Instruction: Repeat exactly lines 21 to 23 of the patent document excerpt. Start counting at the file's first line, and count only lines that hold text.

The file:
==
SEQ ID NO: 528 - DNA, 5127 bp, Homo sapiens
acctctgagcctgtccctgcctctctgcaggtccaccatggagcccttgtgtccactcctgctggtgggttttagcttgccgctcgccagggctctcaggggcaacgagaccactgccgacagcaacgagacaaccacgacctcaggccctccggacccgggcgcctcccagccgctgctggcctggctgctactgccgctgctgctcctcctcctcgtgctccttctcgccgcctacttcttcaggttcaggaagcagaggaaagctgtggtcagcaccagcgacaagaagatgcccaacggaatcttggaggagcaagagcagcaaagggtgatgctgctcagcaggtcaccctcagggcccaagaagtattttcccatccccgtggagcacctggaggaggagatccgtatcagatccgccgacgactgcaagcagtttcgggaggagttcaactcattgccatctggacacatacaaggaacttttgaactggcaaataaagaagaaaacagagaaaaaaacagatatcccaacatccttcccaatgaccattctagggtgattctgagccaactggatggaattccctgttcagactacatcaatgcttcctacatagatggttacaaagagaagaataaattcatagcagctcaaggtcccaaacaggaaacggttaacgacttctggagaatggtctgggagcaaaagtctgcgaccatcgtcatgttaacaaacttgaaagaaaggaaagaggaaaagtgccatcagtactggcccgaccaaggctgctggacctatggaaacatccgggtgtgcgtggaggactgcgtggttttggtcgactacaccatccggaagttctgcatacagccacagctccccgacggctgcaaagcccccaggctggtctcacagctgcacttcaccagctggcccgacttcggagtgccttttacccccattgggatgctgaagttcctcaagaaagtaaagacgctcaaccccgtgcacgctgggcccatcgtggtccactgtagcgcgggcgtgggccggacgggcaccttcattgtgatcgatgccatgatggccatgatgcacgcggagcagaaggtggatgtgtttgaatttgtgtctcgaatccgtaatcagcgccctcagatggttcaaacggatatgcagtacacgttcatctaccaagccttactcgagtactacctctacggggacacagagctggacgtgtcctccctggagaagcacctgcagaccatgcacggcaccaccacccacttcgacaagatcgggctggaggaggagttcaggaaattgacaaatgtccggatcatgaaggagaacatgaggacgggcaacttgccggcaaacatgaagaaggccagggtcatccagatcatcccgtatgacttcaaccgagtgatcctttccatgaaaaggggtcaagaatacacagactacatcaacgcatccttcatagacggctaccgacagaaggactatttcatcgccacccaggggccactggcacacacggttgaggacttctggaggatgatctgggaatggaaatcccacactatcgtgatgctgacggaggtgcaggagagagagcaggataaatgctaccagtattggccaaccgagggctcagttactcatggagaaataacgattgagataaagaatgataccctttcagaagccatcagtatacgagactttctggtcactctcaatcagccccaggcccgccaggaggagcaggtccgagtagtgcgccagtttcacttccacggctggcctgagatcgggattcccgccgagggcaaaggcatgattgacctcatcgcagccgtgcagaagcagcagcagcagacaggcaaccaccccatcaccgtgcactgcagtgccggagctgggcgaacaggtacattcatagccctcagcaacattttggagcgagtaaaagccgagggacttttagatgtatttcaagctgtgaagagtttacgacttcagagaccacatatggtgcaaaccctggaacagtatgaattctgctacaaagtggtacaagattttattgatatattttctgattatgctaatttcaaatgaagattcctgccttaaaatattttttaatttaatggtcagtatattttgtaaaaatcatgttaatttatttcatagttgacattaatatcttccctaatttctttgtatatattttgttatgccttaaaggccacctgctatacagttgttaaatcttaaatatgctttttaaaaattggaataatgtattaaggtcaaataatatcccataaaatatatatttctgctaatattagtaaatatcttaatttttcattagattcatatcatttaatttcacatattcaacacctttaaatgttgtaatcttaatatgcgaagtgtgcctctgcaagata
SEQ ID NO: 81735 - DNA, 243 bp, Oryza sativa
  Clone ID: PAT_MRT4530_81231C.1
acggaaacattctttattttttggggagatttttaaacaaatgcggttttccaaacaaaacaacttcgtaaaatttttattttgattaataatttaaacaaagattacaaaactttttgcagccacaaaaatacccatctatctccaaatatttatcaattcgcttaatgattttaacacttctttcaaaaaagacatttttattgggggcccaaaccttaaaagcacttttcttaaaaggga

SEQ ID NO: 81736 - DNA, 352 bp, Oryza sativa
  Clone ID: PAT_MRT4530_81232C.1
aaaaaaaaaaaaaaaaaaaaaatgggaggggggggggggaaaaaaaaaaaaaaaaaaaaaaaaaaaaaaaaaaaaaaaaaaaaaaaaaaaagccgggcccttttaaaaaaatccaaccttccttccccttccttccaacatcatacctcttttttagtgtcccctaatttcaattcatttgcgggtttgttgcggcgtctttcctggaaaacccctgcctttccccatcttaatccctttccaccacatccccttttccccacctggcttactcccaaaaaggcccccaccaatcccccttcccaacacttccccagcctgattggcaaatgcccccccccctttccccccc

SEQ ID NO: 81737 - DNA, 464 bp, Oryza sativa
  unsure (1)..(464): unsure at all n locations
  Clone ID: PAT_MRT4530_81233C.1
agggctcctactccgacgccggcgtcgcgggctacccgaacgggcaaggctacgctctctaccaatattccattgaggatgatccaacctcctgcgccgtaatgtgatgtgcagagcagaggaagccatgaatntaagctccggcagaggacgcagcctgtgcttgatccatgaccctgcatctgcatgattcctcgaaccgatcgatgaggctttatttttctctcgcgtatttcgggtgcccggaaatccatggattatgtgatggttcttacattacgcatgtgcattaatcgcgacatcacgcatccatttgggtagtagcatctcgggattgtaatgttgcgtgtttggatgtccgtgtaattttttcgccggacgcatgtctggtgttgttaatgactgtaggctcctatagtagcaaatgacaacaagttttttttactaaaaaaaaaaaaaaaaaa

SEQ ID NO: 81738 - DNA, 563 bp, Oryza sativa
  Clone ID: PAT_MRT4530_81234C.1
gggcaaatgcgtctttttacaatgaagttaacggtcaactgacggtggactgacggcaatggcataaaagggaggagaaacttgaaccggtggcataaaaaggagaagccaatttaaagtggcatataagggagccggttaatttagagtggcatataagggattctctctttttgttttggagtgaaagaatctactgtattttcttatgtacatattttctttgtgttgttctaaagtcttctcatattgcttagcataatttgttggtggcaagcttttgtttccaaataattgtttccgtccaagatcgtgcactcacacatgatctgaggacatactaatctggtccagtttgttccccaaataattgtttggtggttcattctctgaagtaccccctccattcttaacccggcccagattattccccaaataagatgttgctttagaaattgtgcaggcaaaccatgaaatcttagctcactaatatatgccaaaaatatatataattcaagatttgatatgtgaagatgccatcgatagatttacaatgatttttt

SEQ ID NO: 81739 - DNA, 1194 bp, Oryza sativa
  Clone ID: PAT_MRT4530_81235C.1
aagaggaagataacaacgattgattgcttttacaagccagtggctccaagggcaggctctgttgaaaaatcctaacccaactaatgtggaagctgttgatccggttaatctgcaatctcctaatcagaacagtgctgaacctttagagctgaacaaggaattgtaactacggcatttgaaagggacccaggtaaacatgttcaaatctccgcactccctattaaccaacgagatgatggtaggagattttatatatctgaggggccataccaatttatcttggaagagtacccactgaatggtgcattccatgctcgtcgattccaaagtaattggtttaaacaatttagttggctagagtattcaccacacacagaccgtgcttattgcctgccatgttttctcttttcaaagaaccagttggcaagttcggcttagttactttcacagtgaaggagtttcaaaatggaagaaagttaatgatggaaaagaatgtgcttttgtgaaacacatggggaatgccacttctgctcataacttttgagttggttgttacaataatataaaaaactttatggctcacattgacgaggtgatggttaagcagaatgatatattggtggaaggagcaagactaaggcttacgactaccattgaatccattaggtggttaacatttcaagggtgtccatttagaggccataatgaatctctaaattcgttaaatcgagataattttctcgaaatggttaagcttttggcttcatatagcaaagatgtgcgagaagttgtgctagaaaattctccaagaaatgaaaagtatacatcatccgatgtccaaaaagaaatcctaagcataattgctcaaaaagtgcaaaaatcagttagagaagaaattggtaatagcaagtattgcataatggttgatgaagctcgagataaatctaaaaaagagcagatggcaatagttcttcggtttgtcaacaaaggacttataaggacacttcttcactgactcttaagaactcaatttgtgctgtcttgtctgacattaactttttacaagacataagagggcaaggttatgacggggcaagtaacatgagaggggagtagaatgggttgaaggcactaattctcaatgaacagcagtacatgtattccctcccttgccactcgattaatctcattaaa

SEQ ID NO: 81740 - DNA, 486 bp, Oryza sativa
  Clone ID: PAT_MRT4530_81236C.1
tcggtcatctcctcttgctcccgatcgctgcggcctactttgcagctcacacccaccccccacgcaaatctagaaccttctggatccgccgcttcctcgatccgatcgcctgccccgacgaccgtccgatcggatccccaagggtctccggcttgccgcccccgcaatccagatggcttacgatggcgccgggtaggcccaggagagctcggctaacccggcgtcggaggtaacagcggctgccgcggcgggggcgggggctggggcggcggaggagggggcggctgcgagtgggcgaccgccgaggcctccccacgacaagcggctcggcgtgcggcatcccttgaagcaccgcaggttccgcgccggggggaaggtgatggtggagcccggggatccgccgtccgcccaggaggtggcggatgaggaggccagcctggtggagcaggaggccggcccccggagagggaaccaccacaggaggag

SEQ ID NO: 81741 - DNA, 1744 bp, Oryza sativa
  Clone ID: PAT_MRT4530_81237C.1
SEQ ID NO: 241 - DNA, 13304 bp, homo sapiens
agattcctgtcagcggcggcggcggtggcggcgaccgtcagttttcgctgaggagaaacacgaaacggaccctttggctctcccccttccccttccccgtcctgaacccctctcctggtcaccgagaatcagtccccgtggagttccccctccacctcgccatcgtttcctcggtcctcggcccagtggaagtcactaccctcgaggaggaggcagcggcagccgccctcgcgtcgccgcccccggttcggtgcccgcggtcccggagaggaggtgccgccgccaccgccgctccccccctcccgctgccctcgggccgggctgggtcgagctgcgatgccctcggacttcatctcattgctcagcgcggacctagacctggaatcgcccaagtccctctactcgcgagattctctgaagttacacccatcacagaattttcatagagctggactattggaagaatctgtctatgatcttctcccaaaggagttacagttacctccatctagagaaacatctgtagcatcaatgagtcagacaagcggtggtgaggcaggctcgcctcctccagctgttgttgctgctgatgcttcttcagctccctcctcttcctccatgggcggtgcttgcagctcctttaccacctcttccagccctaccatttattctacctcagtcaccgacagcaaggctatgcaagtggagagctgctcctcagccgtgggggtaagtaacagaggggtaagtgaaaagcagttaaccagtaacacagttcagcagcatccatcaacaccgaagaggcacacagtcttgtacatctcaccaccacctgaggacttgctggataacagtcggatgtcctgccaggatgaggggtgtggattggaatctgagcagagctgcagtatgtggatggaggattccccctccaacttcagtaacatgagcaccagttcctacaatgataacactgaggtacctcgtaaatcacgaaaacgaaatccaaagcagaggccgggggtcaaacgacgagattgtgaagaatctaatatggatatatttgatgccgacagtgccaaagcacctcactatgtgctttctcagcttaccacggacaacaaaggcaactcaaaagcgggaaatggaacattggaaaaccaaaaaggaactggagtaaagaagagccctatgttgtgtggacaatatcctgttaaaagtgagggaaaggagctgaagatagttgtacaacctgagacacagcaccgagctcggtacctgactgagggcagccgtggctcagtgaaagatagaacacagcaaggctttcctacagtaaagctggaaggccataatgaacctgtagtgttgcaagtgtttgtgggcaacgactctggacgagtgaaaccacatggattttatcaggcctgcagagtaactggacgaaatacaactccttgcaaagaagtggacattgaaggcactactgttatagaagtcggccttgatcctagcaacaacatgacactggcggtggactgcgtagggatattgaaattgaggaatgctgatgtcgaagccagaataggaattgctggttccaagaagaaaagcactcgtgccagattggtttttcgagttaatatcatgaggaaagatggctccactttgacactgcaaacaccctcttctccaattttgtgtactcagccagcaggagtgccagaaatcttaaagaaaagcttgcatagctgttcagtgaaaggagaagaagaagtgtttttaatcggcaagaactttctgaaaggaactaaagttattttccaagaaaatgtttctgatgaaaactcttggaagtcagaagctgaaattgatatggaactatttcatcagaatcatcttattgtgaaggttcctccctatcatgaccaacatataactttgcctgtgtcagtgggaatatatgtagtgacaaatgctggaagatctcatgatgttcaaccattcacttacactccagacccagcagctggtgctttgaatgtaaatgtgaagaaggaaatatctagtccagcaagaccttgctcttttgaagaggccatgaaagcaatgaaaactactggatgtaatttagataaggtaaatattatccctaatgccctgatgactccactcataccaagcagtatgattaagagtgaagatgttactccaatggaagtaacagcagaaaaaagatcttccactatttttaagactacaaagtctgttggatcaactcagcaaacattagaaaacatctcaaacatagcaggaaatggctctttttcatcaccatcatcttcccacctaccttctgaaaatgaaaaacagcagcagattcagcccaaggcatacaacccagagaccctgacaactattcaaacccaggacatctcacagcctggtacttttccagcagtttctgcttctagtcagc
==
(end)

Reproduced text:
tcggtcatctcctcttgctcccgatcgctgcggcctactttgcagctcacacccaccccccacgcaaatctagaaccttctggatccgccgcttcctcgatccgatcgcctgccccgacgaccgtccgatcggatccccaagggtctccggcttgccgcccccgcaatccagatggcttacgatggcgccgggtaggcccaggagagctcggctaacccggcgtcggaggtaacagcggctgccgcggcgggggcgggggctggggcggcggaggagggggcggctgcgagtgggcgaccgccgaggcctccccacgacaagcggctcggcgtgcggcatcccttgaagcaccgcaggttccgcgccggggggaaggtgatggtggagcccggggatccgccgtccgcccaggaggtggcggatgaggaggccagcctggtggagcaggaggccggcccccggagagggaaccaccacaggaggag

SEQ ID NO: 81741 - DNA, 1744 bp, Oryza sativa
  Clone ID: PAT_MRT4530_81237C.1